Are children of Abraham created from stones?
John the Baptist said to the Jews, “Bring forth therefore fruits worthy of repentance, and begin not to say within yourselves, We have Abraham to our father: for I say unto you, That God is able of these stones to raise up children unto Abraham.” [Luke 3:8]
No doubt, the stones John referred to were part of the land of Israel. There is a spiritual significance to the promised land. It signifies the knowledge of God, and the truth. The promised land was where many of the Scriptures were written. Some that were written elsewhere, such as the prophecies of Ezekiel, spoke about the land. However, Paul said the chief benefit of being Jewish was that they received the revelations of God, not that they possessed the land of Canaan.
What advantage then hath the Jew? or what profit is there of circumcision?
Much every way: chiefly, because that unto them were committed the oracles of God.
When Joshua entered the land, the law was written upon stones built into an altar. They were whole stones, that were not shaped by man. [Deut. 27:8; Joshua 8:32]
Other lands, where God’s people were taken captive, and where the Israelites were scattered, represent beliefs other than the way of God. When the people turned away from God, and became like the Canaanite nations who they had displaced, they were expelled from the promised land.
Restoration to the land means returning to God, and repentance, and reconciliation. John’s statement that God could make children of Abraham from stones points to the spiritual significance of the land; it was a place intended for raising up the children of Abraham, those who have faith in God.
When Jacob returned to the promised land, with his family and possessions, after he had lived for 20 years in Syria, he was a changed man. His name was changed to Israel. He became reconciled to his brother. When John the Baptist spoke of God making children of Abraham from stones, the saying has a spiritual significance, as the rocks and stones are symbolic of God’s word, and his revelations, and promises. Entering the promised land is a figure representing belief in the Gospel, and faith in Christ, in Hebrews 3:19 and 4:1-11.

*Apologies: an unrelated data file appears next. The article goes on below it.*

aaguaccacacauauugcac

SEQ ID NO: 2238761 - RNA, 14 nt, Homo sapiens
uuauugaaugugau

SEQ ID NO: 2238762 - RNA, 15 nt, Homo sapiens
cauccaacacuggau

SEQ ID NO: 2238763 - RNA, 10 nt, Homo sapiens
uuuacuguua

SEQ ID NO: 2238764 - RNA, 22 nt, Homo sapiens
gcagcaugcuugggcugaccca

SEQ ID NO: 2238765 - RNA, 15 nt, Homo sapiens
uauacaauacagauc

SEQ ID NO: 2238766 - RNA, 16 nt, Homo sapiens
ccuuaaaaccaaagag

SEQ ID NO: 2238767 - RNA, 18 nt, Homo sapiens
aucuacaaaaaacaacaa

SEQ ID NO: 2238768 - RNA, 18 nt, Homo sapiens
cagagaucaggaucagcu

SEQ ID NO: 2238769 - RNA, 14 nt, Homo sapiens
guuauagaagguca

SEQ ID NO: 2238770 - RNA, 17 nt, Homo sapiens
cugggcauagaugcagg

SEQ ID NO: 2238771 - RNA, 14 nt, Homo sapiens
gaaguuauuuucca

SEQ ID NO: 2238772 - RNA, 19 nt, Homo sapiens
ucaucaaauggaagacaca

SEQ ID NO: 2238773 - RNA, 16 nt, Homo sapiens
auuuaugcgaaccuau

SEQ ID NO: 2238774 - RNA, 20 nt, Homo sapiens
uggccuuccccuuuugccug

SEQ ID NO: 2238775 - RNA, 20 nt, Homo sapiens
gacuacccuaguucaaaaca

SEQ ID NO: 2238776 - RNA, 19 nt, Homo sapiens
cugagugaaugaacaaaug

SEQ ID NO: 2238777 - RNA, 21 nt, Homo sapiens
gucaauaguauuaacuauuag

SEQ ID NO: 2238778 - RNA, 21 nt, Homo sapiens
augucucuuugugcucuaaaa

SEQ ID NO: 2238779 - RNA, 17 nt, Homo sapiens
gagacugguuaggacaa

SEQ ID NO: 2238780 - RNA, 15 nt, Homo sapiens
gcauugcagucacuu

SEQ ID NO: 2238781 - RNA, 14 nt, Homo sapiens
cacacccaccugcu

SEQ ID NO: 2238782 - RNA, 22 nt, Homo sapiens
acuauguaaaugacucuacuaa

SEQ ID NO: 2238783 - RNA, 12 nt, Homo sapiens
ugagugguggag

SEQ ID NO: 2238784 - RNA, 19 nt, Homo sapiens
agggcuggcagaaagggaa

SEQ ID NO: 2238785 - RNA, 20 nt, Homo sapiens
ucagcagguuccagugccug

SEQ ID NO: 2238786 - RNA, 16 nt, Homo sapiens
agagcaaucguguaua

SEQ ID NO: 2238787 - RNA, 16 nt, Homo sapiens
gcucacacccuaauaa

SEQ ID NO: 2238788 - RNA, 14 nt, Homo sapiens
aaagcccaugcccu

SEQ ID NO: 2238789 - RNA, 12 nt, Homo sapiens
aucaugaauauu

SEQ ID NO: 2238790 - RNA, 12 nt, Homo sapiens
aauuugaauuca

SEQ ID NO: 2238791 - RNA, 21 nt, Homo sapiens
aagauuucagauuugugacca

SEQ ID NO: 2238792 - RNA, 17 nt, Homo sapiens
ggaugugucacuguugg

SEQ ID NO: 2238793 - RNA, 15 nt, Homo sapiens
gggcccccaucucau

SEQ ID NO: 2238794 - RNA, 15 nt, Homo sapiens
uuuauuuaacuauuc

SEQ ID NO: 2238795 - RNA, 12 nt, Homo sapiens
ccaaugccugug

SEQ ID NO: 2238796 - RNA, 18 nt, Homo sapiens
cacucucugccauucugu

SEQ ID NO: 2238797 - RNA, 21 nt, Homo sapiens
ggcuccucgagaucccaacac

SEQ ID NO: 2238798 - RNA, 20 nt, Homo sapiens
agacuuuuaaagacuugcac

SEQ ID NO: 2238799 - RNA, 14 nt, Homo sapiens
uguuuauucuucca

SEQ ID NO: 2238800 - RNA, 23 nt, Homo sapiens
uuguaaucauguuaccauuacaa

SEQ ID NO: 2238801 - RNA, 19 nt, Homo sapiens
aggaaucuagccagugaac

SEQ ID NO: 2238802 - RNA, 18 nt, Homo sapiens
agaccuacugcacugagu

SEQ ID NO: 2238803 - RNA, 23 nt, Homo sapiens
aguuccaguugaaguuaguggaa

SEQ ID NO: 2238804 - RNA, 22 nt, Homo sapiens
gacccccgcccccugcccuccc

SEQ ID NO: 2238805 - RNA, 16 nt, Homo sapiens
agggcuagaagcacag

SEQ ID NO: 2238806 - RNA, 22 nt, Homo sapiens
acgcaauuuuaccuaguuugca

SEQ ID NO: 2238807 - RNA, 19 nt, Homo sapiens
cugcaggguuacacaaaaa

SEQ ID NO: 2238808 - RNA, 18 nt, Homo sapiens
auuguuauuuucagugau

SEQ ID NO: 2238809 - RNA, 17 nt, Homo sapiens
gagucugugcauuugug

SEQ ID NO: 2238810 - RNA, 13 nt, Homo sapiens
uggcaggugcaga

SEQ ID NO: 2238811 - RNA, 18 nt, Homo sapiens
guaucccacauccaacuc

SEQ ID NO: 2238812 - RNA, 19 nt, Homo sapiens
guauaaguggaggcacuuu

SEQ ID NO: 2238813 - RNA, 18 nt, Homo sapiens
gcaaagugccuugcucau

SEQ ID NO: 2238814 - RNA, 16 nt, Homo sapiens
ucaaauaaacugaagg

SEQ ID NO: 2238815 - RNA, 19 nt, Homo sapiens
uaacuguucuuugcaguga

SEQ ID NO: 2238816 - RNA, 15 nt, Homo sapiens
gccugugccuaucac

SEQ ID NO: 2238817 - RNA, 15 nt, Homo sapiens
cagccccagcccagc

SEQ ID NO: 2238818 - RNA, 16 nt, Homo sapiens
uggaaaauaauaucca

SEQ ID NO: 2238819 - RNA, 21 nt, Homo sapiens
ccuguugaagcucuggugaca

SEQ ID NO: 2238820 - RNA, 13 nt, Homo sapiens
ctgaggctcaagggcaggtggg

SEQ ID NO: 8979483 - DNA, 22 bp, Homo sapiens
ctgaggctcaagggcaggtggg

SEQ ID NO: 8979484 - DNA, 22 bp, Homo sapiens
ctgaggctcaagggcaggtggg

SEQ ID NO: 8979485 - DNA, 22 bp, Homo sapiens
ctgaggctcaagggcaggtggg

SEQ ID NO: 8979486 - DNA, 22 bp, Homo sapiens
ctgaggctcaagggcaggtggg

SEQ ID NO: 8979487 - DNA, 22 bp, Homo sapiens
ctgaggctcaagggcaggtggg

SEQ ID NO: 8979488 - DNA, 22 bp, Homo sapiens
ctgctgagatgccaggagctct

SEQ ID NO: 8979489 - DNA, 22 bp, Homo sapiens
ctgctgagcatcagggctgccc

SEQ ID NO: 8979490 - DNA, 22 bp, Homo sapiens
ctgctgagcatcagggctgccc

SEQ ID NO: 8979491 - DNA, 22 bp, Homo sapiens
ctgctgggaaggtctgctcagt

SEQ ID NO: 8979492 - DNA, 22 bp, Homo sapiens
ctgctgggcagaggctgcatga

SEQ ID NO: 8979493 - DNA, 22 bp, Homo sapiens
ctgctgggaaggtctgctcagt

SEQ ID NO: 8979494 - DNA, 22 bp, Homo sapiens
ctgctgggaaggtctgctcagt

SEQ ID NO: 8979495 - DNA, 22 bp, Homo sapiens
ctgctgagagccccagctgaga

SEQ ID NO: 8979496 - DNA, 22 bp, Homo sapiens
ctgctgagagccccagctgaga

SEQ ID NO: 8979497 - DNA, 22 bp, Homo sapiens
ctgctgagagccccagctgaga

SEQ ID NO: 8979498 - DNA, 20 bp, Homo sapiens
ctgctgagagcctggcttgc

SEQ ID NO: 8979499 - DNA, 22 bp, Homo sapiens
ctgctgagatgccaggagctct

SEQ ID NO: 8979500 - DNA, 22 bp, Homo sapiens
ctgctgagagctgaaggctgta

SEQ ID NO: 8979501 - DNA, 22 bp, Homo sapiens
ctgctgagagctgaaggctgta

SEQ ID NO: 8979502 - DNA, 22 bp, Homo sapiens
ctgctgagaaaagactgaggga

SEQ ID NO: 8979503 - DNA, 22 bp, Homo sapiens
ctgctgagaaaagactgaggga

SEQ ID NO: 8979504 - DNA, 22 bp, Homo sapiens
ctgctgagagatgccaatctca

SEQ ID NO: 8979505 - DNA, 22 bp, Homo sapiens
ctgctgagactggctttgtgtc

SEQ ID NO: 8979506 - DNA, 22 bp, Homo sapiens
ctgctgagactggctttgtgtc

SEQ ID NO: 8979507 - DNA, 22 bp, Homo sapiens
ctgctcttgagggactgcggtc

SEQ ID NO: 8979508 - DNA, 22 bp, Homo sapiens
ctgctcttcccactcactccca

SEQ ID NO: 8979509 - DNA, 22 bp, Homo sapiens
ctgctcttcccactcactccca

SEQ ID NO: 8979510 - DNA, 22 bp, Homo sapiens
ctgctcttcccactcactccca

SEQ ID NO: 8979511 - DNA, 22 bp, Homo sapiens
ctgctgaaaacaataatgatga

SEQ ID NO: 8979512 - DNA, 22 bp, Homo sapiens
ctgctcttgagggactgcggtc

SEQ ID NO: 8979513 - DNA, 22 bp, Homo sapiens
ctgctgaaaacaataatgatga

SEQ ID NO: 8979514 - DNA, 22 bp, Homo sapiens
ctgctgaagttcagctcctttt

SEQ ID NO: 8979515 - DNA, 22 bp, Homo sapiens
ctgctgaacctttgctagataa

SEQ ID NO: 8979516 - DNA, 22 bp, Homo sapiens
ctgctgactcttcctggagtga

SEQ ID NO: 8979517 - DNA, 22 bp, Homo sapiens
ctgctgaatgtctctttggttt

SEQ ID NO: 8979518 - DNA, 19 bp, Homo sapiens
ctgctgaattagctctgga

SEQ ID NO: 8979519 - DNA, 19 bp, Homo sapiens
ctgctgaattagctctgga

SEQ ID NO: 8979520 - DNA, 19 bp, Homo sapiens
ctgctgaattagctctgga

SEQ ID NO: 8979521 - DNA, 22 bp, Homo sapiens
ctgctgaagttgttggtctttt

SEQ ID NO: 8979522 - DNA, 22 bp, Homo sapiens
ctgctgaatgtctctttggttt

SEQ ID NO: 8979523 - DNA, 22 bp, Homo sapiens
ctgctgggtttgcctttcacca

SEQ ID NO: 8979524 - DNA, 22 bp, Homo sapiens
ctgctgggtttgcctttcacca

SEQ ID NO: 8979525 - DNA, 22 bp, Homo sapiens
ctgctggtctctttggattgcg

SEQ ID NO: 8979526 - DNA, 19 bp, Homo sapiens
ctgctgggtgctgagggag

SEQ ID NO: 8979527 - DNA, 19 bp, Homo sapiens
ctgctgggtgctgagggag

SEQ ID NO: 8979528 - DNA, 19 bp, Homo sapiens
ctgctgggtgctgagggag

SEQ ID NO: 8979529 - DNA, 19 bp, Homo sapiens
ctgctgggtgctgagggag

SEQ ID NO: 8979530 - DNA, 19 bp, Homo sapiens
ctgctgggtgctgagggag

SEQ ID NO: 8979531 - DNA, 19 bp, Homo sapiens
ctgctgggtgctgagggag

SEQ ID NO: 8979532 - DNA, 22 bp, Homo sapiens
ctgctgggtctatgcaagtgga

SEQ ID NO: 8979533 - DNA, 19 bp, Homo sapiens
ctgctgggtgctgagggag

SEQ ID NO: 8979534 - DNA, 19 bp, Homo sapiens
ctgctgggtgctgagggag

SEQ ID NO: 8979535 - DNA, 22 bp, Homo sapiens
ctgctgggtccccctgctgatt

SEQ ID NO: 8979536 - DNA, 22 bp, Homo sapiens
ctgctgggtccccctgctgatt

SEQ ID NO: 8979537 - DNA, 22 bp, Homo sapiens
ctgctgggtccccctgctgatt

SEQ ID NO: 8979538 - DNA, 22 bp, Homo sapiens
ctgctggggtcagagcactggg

The whole history of Israel, the promise of land to Abraham, Isaac, and Jacob, Israel’s anticipation of receiving the promise, their exodus from Egypt, wandering in the wilderness under Moses, taking possession of the land under Joshua, governing the land, and their ultimate loss of the land, is an elaborate parable. Psalm 78 relates the history of Israel, up until the time of David. Verse 2 says: “I will open my mouth in a parable: I will utter dark sayings of old.” The history related in the psalm is called a parable, showing that events in Israel’s past have profound spiritual meaning for the church. Paul said of the experience of the people of Israel, “Now all these things happened unto them for examples: and they are written for our admonition, upon whom the ends of the world are come.” [1 Cor. 10:11]
The prophets foretold a restoration to the land, associated with repentance, and returning to God. This is not about a physical return to Canaan, which was merely a shadow of a better, heavenly land. [Heb. 11:16] The heavenly land represents the spiritual inheritance of the saints. One of the things Jesus promised was that the Spirit will guide us to all truth. The Psalmist said, “Truth shall spring out of the earth; and righteousness shall look down from heaven.” [Psa. 85:11]
The return to the land described by the prophets should be understood in a spiritual way, in the light of the Gospel. Those prophecies are similar to Jesus’ parable about the prodigal son. Like the return of the son, they describe the spiritual reconciliation of men and God, and the worship of God in spirit and in truth.
Repentance is not a notable characteristic of people moving to the modern Jewish state. The Zionist movement is not a fulfilment of the prophecies about Israel’s future restoration. Jeremiah focused upon the spiritual nature of the return.
Behold, I will bring them from the north country, and gather them from the coasts of the earth, and with them the blind and the lame, the woman with child and her that travaileth with child together: a great company shall return thither.
They shall come with weeping, and with supplications will I lead them: I will cause them to walk by the rivers of waters in a straight way, wherein they shall not stumble: for I am a father to Israel, and Ephraim is my firstborn.
Hear the word of the Lord, O ye nations, and declare it in the isles afar off, and say, He that scattered Israel will gather him, and keep him, as a shepherd doth his flock.
In his first epistle Peter referred to Jesus as a living stone, rejected by men, and those who believe in him as stones built up as a spiritual house. By mixing the metaphors stones, holy priesthood, and sacrifices, he implied that this spiritual house is the true temple of God. Peter wrote:
1 Peter 2:4-5
To whom coming, as unto a living stone, disallowed indeed of men, but chosen of God, and precious,
Ye also, as lively stones, are built up a spiritual house, an holy priesthood, to offer up spiritual sacrifices, acceptable to God by Jesus Christ.